Of course, among the three tales in Welcome to Paradox City, two are clearly horror, though of quite different subtypes, while the middle one is sort of a supernatural low-key comedy.  I don’t know how funny it is, but though it involves “the unquiet dead**”, it is not a horror story.

All this is my way of reminding myself that, no, I don’t just write horror, though that’s what I’ve mainly written in recent outings.  So, I don’t have to write anything horror-ish for my next big project.  I’ve considered starting the novelization of a story I’d originally conceived as a manga***, based on two separate doodles/drawings I’d done, The Dark Fairy and the Desperado.  If you look at pictures on my Facebook page, you should find some drawings of these characters, and scenes I envision them experiencing, and which are part of the narrative in the story in my head.  They are unlikely heroes, and quite unlikely companions, originally from different worlds (literally), who are tricked/forced to work together on a quest to serve the desires of an extra-dimensional wizard who is trapped in a tiny universe of his own making.  Along the way, they encounter another extra-dimensional being, properly considered a demi-god, who calls herself Lucy (not Lil), and who is a huge fan of the Beatles, and who models her realm accordingly.  As you might guess, Lucy is prone to call the Desperado either “Rocky” or “Dan” or even “Bungalow Bill”, depending on how generous she’s feeling toward him, and she refers to the Dark Fairy as “Sexy Sadie”.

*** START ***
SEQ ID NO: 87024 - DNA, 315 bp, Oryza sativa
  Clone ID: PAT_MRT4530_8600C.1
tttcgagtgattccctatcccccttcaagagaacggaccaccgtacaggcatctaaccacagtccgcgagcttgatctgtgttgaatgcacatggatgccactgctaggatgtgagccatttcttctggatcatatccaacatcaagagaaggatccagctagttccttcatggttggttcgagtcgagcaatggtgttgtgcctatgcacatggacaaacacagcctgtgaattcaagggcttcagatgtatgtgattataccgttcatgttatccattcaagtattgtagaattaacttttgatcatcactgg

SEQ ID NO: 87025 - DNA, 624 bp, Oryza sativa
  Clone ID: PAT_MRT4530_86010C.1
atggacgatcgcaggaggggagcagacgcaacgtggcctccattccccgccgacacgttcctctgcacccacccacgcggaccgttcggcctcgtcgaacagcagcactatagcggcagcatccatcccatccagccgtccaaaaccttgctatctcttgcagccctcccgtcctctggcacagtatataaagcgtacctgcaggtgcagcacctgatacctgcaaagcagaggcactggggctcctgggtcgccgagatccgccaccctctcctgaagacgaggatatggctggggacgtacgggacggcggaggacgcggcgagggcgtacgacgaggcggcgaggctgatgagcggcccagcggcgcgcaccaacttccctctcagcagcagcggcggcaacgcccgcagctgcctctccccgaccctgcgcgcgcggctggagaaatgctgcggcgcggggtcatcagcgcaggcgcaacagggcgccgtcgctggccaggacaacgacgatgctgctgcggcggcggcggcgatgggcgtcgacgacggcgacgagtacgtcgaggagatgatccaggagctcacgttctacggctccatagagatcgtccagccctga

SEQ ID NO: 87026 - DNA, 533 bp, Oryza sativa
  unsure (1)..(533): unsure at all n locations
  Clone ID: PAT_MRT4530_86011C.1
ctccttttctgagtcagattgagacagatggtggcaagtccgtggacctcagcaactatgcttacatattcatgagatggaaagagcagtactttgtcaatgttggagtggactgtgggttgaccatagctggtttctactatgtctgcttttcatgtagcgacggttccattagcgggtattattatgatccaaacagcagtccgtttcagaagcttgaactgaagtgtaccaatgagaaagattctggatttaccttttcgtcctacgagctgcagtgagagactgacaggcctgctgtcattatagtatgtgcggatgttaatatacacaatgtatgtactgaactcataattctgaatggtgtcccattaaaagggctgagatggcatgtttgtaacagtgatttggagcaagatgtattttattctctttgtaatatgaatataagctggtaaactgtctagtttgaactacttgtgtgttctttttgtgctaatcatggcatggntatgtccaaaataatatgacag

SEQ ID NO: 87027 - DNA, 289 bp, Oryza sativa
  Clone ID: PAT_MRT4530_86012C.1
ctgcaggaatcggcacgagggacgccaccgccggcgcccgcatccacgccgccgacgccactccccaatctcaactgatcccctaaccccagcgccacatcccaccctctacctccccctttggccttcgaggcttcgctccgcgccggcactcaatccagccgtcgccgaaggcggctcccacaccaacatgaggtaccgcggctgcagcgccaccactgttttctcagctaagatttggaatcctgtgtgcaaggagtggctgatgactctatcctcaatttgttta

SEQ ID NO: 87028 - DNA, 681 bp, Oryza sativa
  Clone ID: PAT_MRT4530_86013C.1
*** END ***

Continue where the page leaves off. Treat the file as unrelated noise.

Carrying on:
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As you can tell, this story is conceived of as a fun sort of bizarre adventure, with few restrictions on what can possibly happen (though I do insist upon internal logical consistency, as long as it’s not too much trouble).  But I truly like the characters, as I imagine them so far, and would like to find out more of what happens to them, and to introduce them to other people.  I fear, though, that it would require an entire series to tell their tale(s), much more so even than with Mark Red, which can sort of stand on its own, though there’s more to that story than is currently written.

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This is Lucy. In the sky. With diamonds.